Scientific Journal of Veterinary Advances

Journal Information
EISSN : 2322-1879
Published by: Academic World Research (10.14196)
Total articles ≅ 7

Articles in this journal

Faouzi Matallah, Sarrah Hadjaj, Saida Matallah
Scientific Journal of Veterinary Advances, Volume 7, pp 247-253;

During the year 2015-2016, a study was conducted to identify ticks that infect horses in rural areas in North-east of Algeria. Five parasitic species were observed, Rhipicephalus bursa predominates with 45%, Rhipicephalussanguineus: 10%, Rhipicephalusannulatus 15%, Hyalommamarginatum 13% and Hyalommaanatolicum: 17%. Moreover, the prevalence of babesiosis in local horse breeds was determined. A global prevalence of 70% was found for equine babesiosis in the two areas (Sedrata and Lake of birds). The horses were found positive (Giemsa coloration) for Theileriaequi and Babesiacaballi. No significant differences were encountered concerning sex and age of infected animals. Removal of ticks manually does not prevent for ticks infestation and the exposure of horses to piroplasmosis. So, apart from favorable climatic factors, the presence of horses with other animals (ruminants and dogs) appears to be a factor in the infestation of horses by ticks. There were no significant differences between the positivity to Babesia with the factors sex and age of the horses (p>0, 0.5). After this preliminary work, a wider study of ticks of the equine population in Algeria is essential for the establishment of a plan of prevention against these mites and the diseases that they transmit.
Eyabana Mollong, Rabiétou Akpéni Bawa, Soudah Boma, Yaovi Nuto, Komina Amevoin
Scientific Journal of Veterinary Advances, Volume 7, pp 237-246;

Livestock in tropical and subtropical areas is under almost constant threat of ticks, in particular the species Amblyomma variegatum Mfr. (Acarina: Ixodidae), especially during the rainy season. The IPM programs against this ectoparasite undoubtedly require knowledge of its bio-ecology and diversification of means of control. Thus, the toxic effects of the essential oil of Clausena anisata Hook (Rutaceae) diluted in two vegetable oils were tested on eggs and larvae of A. variegatum under the laboratory conditions of the temperature from 22-25°C, relative humidity from 78-91% and a photoperiod of 12 L/12h D. Toxicity tests were carried out in Petri dishes containing Whatman paper on which various test solutions were deposited. In each treated dish, 100 eggs or 40 larvae were released. A dose of 0.124 µL / cm² of a dilution of the essential oil of C. anisata prevented the hatching of 95% of the eggs and provoked 60% mortality of the larvae after 24 hours of exposure. Although these results differ significantly from those of the reference acaricide bayticol which is very highly toxic, the essential oil of C. anisata could be considered very toxic to the preimaginal stages of the tick A. variegatum. However, the cost of treatment with the essential oil of C. anisata should be evaluated to better assess its use in the control of A. variegatum by farmers.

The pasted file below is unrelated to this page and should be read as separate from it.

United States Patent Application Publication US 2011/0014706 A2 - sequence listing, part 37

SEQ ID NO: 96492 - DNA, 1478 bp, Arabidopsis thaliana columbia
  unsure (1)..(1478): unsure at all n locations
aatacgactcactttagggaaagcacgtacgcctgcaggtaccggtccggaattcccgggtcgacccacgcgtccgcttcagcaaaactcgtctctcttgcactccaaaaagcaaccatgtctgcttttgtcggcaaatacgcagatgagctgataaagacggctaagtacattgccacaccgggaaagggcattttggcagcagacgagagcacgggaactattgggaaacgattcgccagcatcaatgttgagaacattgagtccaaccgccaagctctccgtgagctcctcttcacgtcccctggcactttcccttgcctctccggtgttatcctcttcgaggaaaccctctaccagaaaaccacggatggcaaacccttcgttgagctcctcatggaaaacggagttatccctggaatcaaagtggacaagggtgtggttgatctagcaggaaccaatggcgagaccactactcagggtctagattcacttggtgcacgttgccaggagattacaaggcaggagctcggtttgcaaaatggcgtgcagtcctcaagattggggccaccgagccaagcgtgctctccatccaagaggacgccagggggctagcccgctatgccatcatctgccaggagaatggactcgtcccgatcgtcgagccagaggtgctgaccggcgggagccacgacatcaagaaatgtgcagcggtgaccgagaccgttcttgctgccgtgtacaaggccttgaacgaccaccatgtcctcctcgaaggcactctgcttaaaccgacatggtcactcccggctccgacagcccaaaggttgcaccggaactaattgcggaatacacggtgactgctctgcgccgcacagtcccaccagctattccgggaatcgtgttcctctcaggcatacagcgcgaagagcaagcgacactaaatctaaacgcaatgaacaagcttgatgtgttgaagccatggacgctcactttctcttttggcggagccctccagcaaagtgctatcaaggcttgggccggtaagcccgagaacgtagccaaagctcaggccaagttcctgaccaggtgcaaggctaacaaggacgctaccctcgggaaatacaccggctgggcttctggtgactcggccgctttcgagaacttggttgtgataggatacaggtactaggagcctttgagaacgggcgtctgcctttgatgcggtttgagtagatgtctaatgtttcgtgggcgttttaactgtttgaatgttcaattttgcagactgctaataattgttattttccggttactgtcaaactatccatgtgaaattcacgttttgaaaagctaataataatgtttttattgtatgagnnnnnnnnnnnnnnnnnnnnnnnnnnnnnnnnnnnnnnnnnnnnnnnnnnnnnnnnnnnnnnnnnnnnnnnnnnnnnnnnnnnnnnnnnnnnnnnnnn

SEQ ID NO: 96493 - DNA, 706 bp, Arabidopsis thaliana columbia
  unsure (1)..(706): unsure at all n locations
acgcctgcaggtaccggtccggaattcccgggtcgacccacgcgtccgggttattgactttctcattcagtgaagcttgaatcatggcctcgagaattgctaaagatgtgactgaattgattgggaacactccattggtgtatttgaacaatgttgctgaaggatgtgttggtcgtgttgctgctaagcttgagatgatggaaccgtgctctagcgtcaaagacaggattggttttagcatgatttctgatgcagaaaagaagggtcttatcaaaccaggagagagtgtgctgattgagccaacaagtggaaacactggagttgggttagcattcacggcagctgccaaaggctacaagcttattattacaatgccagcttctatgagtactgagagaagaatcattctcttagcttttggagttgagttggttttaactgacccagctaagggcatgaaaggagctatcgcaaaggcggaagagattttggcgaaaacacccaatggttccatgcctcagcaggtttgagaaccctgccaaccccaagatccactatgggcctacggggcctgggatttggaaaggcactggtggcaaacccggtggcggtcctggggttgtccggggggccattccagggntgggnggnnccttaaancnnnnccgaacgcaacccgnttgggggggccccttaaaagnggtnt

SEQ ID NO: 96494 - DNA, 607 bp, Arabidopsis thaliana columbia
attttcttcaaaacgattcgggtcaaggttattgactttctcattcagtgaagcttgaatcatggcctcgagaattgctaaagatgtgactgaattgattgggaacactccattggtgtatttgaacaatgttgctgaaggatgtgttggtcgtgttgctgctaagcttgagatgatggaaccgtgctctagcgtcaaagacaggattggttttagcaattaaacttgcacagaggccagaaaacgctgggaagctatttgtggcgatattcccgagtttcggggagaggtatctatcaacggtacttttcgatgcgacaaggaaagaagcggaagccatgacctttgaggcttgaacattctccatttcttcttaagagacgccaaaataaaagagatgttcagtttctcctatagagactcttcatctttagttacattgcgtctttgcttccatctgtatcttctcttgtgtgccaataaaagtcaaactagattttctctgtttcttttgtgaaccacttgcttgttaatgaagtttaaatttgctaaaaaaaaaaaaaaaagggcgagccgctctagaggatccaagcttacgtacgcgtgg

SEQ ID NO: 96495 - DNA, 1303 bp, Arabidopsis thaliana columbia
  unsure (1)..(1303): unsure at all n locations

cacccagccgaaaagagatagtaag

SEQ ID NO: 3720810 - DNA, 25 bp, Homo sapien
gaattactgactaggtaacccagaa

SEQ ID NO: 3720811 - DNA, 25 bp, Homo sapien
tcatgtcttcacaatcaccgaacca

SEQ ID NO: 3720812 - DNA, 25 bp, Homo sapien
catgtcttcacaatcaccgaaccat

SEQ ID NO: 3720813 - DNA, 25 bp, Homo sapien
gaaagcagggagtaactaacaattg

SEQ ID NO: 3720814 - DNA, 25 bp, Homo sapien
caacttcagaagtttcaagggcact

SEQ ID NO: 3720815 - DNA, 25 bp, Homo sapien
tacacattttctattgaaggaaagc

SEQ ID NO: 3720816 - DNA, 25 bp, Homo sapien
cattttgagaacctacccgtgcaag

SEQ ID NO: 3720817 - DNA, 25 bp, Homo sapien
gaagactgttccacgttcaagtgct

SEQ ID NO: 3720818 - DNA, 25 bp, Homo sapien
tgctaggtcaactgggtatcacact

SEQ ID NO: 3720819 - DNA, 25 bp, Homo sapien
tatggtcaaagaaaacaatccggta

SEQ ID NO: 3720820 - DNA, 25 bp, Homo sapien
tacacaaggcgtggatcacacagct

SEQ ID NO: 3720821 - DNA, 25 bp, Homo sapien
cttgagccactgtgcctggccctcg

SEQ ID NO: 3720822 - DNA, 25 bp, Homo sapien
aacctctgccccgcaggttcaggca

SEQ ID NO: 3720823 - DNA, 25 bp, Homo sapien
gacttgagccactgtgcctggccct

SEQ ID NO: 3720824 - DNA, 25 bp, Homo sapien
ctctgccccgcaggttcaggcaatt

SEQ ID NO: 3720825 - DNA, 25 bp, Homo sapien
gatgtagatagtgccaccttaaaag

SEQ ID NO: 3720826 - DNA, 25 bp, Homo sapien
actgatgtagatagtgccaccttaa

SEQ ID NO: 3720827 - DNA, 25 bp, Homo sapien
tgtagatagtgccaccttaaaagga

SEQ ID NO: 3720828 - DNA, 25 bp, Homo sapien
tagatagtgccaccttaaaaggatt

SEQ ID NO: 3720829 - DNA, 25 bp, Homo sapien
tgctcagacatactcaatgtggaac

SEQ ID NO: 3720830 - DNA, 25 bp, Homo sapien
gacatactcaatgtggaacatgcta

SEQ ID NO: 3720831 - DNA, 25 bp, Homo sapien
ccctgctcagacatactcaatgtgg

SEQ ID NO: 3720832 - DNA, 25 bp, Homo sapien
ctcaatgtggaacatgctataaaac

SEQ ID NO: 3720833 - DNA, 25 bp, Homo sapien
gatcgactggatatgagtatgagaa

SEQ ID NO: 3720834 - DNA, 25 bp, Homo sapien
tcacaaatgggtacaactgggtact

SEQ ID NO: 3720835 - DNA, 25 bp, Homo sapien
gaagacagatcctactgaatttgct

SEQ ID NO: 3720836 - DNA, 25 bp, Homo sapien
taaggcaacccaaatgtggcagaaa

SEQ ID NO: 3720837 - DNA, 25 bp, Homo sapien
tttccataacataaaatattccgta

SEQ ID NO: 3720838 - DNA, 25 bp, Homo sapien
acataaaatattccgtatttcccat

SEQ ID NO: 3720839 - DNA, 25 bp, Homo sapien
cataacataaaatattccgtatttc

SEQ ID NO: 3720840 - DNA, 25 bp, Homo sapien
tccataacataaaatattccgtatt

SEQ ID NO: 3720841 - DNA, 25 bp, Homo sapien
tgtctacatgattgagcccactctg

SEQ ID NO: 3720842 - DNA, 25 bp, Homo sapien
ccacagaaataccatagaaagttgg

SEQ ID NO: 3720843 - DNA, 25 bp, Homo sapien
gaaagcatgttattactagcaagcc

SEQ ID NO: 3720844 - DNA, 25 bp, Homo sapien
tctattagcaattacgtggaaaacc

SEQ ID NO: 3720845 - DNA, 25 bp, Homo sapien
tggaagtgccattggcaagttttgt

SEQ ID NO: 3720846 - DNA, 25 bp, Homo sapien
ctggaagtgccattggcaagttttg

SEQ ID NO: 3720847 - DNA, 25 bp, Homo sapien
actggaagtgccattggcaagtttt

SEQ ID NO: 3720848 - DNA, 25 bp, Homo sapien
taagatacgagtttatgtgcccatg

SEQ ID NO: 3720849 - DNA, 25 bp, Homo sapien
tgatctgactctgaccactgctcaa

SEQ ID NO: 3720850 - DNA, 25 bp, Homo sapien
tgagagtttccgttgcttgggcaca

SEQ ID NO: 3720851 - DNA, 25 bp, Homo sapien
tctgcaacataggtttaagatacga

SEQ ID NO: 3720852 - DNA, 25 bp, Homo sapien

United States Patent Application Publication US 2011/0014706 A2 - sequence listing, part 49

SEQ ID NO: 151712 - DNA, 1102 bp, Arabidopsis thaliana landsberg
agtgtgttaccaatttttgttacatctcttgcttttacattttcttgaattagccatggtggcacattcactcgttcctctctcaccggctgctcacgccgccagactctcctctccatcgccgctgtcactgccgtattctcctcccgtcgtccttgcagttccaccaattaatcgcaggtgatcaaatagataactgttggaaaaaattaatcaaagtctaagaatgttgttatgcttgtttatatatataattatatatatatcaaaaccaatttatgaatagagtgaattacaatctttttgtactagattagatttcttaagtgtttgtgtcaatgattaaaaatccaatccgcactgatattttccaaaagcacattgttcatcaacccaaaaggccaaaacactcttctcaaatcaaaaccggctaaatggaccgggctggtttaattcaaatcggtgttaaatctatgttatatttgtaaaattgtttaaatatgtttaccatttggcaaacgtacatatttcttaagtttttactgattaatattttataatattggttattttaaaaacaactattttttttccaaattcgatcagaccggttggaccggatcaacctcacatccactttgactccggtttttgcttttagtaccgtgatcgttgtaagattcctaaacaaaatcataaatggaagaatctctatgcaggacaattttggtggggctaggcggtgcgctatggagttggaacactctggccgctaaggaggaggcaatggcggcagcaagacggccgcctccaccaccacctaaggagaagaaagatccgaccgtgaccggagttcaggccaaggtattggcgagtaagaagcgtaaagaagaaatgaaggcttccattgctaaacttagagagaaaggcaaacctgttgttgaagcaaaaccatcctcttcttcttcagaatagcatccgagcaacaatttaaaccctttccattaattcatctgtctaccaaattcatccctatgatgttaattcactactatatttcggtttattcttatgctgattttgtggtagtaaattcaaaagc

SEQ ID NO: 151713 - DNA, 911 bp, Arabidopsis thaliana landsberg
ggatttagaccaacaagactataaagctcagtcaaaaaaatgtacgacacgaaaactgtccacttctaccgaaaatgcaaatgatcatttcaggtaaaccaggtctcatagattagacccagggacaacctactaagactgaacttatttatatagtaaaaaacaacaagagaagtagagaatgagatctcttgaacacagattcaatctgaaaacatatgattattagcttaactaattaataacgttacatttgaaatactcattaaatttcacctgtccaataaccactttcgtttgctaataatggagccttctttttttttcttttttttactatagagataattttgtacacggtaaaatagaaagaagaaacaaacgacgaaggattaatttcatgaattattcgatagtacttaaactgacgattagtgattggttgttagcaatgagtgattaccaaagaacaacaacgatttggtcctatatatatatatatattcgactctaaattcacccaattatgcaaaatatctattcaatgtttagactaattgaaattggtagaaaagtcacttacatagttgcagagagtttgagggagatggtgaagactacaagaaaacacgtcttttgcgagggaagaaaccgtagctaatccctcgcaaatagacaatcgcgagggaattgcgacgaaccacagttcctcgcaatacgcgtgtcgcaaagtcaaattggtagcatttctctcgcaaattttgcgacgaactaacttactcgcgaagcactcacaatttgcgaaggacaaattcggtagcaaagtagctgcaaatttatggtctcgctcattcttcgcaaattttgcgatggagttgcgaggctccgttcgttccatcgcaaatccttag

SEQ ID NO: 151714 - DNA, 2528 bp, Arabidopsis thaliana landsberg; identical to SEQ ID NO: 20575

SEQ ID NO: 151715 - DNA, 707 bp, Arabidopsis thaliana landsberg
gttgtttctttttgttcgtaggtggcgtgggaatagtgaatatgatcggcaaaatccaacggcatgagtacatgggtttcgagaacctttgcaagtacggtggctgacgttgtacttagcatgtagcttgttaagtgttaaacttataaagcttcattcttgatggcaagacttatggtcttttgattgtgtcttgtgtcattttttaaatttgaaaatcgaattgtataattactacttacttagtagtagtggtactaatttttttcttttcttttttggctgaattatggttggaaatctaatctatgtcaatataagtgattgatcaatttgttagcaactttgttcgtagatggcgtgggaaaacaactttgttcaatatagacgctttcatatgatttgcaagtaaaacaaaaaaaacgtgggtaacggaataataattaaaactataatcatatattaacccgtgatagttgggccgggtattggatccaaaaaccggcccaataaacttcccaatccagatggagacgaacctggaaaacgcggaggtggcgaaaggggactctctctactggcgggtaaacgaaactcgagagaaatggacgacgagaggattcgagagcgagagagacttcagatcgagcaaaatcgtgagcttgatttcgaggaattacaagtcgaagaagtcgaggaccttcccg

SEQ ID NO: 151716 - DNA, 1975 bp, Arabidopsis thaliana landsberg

Hatem Atalla, Baher Abu Gazal
Scientific Journal of Veterinary Advances, Volume 7, pp 230-236;

This experiment was conducted to investigate the effect of pregnant mare serum gonadotrophin (PMSG) levels and the progestagen method on estrus response, onset and duration of estrus, lambing rate and litter size. A total of 20 Assaf ewes were used in the experiment, which was conducted during April, a month that is considered as non-breeding period in Palestine. Ewes were treated with intravaginal sponges containing 60 mg medroxyprogesterone acetate (MAP). Seven days later, sponges were removed and 10 new sponges were inserted to 10 of the experimental ewes. Following withdrawal of sponges at day 14, 5 ewes from each treatment groups were injected intramuscularly with a pregnant mare serum gonadotrophin (PMSG) at level of 300 or 600 IU. The results showed that level of PMSG and progesterone application methods had no significant effects on the tested parameters. This finding indicated that low level of PMSG can be applied for estrus synchronization. Results showed that using one sponge followed by a 300 IU dose of PMSG could induce estrus successfully with low cost comparing to application of two sponges and high doses of PMSG.